Question 11: Can the CSA comment on eligibility of suggested projects?

Answer 11: For the sake of fairness, the CSA cannot provide feedback on project eligibility during the AO's posting period. Applicants must refer to section 3 to determine if a project is eligible.

Question 12: Can we provide figures to support our proposal?

Answer 12: Yes, figures need to be included in the form along with the answers to the questions.

Question 13: Can we provide letters of interest or support letters?

Answer 13: Yes, these can be included in Annex and referenced in the body of the answer in the application form.

Question 14: Section 6.1 says "Each eligible recipient can be funded for a maximum of 1 project- under this AO." In that sentence, does "this AO" refer only to the current AO?

Answer 14: We refer to the current AO.

Question 15: What is the maximum applications readiness level that can be reached?

Answer 15: ARL 6 is the maximum ARL.

Question 16: Can you clarify if only one entity can submit a proposal for this AO or a consortium of partners are also accepted?

Answer 16: The contribution agreement can be put in place with only one recipient organization.

Question 17: Can additional technical and corporate material be added in annex?

Answer 17: Additional relevant documentation can be added in annex and referenced in the application form. Adding a bibliography is optional. Note that only the content of the application form will be evaluated.

Question 18: In the AO, there is reference made to both "funding agreements" and "contribution agreements" that would result between the CSA and successful applicants; however, there is no reference made to what terms and conditions would be included in those resulting agreements. Could you please provide me with a copy of the agreements for review?

Answer 18: Funding agreements and contribution agreements refer to the same thing. Funding agreements will only be provided to successful applicants and are not made available during the AO process.

Question 19: Can a private sector primary applicant have a collaborating partner at a university listed as a co-applicant?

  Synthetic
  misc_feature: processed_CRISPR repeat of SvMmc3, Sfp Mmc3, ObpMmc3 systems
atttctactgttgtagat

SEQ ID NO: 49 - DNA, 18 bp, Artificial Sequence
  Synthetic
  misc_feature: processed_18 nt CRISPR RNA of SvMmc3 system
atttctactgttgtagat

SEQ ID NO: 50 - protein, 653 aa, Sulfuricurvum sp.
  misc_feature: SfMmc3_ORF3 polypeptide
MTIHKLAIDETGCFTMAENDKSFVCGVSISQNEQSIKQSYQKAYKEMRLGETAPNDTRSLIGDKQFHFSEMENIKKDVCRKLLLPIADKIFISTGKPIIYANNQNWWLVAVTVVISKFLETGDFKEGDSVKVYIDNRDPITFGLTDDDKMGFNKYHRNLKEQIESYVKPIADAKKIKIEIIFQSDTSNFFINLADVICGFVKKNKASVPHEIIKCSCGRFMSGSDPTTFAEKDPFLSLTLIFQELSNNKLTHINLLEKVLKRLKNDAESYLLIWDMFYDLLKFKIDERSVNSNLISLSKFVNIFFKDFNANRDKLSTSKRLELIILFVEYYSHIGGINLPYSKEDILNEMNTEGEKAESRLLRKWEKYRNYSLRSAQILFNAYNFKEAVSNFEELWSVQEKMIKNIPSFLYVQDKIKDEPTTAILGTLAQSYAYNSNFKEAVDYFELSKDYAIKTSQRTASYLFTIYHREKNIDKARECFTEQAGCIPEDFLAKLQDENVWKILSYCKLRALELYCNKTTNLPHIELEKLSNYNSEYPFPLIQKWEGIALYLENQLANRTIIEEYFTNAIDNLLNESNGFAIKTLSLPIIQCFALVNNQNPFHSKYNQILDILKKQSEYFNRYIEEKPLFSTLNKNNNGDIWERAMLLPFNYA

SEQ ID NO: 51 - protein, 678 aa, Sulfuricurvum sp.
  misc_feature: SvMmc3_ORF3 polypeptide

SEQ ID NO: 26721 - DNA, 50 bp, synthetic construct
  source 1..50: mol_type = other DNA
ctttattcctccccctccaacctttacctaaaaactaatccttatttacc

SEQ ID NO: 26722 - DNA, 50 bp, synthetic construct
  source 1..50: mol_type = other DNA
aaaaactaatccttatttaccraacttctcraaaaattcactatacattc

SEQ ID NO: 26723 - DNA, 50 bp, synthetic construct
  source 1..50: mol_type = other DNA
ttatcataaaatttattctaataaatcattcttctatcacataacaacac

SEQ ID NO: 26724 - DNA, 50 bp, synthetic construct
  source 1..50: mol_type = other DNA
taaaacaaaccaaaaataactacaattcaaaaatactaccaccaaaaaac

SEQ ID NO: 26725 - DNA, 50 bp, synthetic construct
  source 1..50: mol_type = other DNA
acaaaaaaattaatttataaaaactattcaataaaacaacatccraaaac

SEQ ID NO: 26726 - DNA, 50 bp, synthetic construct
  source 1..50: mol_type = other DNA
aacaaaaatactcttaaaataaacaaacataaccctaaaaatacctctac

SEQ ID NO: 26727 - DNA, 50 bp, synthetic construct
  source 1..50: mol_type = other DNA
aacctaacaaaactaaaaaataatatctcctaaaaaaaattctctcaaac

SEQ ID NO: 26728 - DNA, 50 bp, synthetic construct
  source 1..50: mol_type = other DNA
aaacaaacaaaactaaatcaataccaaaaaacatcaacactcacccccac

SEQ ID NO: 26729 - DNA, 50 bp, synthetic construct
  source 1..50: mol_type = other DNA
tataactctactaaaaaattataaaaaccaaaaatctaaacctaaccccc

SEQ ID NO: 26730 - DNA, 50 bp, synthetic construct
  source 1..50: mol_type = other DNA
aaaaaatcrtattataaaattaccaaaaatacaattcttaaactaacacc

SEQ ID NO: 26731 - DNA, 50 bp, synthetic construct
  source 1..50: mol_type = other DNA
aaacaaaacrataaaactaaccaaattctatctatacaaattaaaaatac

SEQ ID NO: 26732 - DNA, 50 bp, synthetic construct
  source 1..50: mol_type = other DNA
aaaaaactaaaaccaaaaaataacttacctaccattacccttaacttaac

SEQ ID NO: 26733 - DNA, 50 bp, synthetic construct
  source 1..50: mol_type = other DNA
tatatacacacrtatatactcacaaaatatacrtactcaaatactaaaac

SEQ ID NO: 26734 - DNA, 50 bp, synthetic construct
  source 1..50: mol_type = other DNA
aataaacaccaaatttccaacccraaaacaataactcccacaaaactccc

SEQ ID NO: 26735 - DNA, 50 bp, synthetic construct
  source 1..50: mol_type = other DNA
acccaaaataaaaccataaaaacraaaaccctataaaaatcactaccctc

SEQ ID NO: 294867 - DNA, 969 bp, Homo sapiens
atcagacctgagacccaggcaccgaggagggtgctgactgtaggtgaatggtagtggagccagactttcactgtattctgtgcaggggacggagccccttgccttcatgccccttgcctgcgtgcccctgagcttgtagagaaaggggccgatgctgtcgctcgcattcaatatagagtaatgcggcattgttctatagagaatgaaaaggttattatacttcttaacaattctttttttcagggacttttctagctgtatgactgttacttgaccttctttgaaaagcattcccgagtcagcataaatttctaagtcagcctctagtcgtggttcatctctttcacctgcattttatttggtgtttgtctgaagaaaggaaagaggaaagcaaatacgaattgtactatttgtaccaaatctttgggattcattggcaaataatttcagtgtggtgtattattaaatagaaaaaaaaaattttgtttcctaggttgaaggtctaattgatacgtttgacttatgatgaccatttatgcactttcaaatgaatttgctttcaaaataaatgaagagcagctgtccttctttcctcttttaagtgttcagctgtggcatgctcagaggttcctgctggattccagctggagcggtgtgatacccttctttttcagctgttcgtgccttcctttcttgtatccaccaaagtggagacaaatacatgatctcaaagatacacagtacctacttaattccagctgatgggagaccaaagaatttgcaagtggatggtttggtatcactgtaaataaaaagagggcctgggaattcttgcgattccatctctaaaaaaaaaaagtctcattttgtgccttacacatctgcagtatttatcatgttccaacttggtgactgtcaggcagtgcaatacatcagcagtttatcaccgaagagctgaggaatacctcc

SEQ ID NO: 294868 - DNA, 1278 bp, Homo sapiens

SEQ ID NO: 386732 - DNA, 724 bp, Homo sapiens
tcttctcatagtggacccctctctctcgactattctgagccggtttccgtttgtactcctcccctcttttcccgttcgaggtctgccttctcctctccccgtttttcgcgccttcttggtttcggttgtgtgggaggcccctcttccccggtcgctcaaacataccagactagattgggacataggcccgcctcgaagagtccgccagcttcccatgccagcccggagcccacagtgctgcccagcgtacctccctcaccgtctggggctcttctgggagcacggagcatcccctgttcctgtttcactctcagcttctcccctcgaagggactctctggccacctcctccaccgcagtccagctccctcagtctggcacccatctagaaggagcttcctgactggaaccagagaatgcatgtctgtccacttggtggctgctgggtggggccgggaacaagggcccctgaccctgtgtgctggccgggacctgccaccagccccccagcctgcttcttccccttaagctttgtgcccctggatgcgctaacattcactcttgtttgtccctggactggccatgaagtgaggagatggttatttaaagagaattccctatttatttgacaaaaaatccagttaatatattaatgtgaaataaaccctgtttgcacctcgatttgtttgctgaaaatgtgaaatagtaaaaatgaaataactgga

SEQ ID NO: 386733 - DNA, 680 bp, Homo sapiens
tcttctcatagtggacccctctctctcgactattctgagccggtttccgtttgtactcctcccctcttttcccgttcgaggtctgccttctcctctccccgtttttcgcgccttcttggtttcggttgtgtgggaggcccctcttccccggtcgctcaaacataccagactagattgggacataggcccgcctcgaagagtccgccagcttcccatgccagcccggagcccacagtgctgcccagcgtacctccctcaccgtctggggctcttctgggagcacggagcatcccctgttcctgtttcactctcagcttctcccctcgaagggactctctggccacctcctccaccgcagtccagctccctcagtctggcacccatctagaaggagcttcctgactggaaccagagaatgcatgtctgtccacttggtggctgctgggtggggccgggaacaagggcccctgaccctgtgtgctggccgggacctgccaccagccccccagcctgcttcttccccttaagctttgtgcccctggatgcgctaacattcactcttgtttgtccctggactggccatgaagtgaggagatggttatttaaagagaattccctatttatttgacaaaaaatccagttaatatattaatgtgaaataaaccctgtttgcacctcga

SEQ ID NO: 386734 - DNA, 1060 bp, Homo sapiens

Answer 19: A collaborating partner from a university would not be considered a co-applicant, although some project work could be subcontracted to a university. However, contributions under this AO are for the benefit of for-profit and not-for-profit organizations established and operating in Canada (excluding academic institutions) and are aimed at advancing the (lead) Applicant's capabilities. The Applicant organization must demonstrate that it has the ability (knowledge, expertise and capability) to execute the project and may use outside services for specific tasks only, not for the project as a whole. The CSA will exercise due diligence when evaluating proposals to ensure that the Applicant organization is doing the majority of the project work.

Question 20: If one Canadian company takes the lead and a Canadian partner company is teaming with the lead company, what would be the maximum percentage the partner company could contribute to the project?

Answer 20: The Applicant organization (lead) must demonstrate that it has the ability (knowledge, expertise and capability) to execute the project and may use outside services for specific tasks only, not for the project as a whole. In such a case, the Applicant would be required to provide a detailed work schedule indicating distribution of the work. Also, copies of the Intellectual Property Agreements related to the project would be required. There is no maximum percentage. However, the CSA will exercise due diligence when evaluating proposals to ensure that the Applicant organization is doing the majority of the project work.

Question 21: The AO is open to for-profit organizations. Is there any issue with a not-for-profit company working with a for-profit company as a consultant?

Answer 21: There is no issue with a partnership between a for-profit and a not-for-profit organization. The CSA will exercise due diligence when evaluating proposals to ensure that the not-for-profit organization is not doing the majority of the project work.

Question 22: If a company has negotiated different labour rates with PWGSC, in a previous contract, can the proposed contribution project budget be defined according to these labour rates applied in a past contract, rather than what are specified in this Announcement of Opportunity?

Answer 22: A Grant and Contribution Program is based on the Transfer Payment Policy and differs from programs and initiatives under the Contracting Policy. The eligible costs that will be considered for initiatives under this AO are the ones stipulated in section 6.2 of the document.